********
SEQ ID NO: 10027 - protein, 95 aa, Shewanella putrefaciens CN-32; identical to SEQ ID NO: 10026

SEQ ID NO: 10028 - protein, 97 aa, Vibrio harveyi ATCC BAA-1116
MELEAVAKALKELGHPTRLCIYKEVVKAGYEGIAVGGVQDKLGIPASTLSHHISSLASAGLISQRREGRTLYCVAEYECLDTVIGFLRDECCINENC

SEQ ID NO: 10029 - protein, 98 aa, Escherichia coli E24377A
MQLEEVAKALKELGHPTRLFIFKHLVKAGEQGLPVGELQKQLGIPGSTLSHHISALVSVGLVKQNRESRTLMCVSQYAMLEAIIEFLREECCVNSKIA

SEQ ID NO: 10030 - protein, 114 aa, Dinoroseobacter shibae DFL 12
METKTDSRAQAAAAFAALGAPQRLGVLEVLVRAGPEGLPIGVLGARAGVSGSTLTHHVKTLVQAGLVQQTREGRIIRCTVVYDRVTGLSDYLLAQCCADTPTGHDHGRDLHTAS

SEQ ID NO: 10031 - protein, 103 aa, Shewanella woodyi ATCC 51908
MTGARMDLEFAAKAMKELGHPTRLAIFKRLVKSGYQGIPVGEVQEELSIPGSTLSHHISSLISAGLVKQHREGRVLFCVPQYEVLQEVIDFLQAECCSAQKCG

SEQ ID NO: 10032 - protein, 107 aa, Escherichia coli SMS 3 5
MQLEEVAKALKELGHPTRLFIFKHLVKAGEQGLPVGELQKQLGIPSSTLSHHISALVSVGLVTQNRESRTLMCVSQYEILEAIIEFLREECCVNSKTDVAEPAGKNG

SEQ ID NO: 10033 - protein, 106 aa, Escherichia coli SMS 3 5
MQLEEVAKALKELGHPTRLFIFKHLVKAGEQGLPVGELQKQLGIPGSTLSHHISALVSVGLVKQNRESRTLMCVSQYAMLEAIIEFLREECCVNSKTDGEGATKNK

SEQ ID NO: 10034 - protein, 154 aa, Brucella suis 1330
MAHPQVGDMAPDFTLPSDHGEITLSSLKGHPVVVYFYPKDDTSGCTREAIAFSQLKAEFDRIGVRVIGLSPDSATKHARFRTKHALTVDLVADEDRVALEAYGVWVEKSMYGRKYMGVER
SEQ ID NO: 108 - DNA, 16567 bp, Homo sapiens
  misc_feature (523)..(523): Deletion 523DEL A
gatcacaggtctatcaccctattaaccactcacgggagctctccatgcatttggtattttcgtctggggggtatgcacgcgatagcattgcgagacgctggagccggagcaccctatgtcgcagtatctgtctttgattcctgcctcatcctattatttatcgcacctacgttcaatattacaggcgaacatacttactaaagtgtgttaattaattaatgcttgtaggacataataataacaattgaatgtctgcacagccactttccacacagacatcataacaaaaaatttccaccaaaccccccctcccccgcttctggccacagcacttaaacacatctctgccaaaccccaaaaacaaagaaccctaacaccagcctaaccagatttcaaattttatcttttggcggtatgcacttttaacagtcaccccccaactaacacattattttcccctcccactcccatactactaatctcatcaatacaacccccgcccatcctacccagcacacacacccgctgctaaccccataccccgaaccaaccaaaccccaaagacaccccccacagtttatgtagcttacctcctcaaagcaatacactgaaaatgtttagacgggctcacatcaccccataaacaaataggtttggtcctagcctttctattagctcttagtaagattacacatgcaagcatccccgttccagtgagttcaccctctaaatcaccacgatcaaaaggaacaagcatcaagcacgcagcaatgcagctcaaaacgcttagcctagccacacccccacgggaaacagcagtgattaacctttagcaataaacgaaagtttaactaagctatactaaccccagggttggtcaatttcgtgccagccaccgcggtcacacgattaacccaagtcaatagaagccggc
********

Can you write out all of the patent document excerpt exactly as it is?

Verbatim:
SEQ ID NO: 10027 - protein, 95 aa, Shewanella putrefaciens CN-32; identical to SEQ ID NO: 10026

SEQ ID NO: 10028 - protein, 97 aa, Vibrio harveyi ATCC BAA-1116
MELEAVAKALKELGHPTRLCIYKEVVKAGYEGIAVGGVQDKLGIPASTLSHHISSLASAGLISQRREGRTLYCVAEYECLDTVIGFLRDECCINENC

SEQ ID NO: 10029 - protein, 98 aa, Escherichia coli E24377A
MQLEEVAKALKELGHPTRLFIFKHLVKAGEQGLPVGELQKQLGIPGSTLSHHISALVSVGLVKQNRESRTLMCVSQYAMLEAIIEFLREECCVNSKIA

SEQ ID NO: 10030 - protein, 114 aa, Dinoroseobacter shibae DFL 12
METKTDSRAQAAAAFAALGAPQRLGVLEVLVRAGPEGLPIGVLGARAGVSGSTLTHHVKTLVQAGLVQQTREGRIIRCTVVYDRVTGLSDYLLAQCCADTPTGHDHGRDLHTAS

SEQ ID NO: 10031 - protein, 103 aa, Shewanella woodyi ATCC 51908
MTGARMDLEFAAKAMKELGHPTRLAIFKRLVKSGYQGIPVGEVQEELSIPGSTLSHHISSLISAGLVKQHREGRVLFCVPQYEVLQEVIDFLQAECCSAQKCG

SEQ ID NO: 10032 - protein, 107 aa, Escherichia coli SMS 3 5
MQLEEVAKALKELGHPTRLFIFKHLVKAGEQGLPVGELQKQLGIPSSTLSHHISALVSVGLVTQNRESRTLMCVSQYEILEAIIEFLREECCVNSKTDVAEPAGKNG

SEQ ID NO: 10033 - protein, 106 aa, Escherichia coli SMS 3 5
MQLEEVAKALKELGHPTRLFIFKHLVKAGEQGLPVGELQKQLGIPGSTLSHHISALVSVGLVKQNRESRTLMCVSQYAMLEAIIEFLREECCVNSKTDGEGATKNK

SEQ ID NO: 10034 - protein, 154 aa, Brucella suis 1330
MAHPQVGDMAPDFTLPSDHGEITLSSLKGHPVVVYFYPKDDTSGCTREAIAFSQLKAEFDRIGVRVIGLSPDSATKHARFRTKHALTVDLVADEDRVALEAYGVWVEKSMYGRKYMGVER
SEQ ID NO: 108 - DNA, 16567 bp, Homo sapiens
  misc_feature (523)..(523): Deletion 523DEL A
gatcacaggtctatcaccctattaaccactcacgggagctctccatgcatttggtattttcgtctggggggtatgcacgcgatagcattgcgagacgctggagccggagcaccctatgtcgcagtatctgtctttgattcctgcctcatcctattatttatcgcacctacgttcaatattacaggcgaacatacttactaaagtgtgttaattaattaatgcttgtaggacataataataacaattgaatgtctgcacagccactttccacacagacatcataacaaaaaatttccaccaaaccccccctcccccgcttctggccacagcacttaaacacatctctgccaaaccccaaaaacaaagaaccctaacaccagcctaaccagatttcaaattttatcttttggcggtatgcacttttaacagtcaccccccaactaacacattattttcccctcccactcccatactactaatctcatcaatacaacccccgcccatcctacccagcacacacacccgctgctaaccccataccccgaaccaaccaaaccccaaagacaccccccacagtttatgtagcttacctcctcaaagcaatacactgaaaatgtttagacgggctcacatcaccccataaacaaataggtttggtcctagcctttctattagctcttagtaagattacacatgcaagcatccccgttccagtgagttcaccctctaaatcaccacgatcaaaaggaacaagcatcaagcacgcagcaatgcagctcaaaacgcttagcctagccacacccccacgggaaacagcagtgattaacctttagcaataaacgaaagtttaactaagctatactaaccccagggttggtcaatttcgtgccagccaccgcggtcacacgattaacccaagtcaatagaagccggc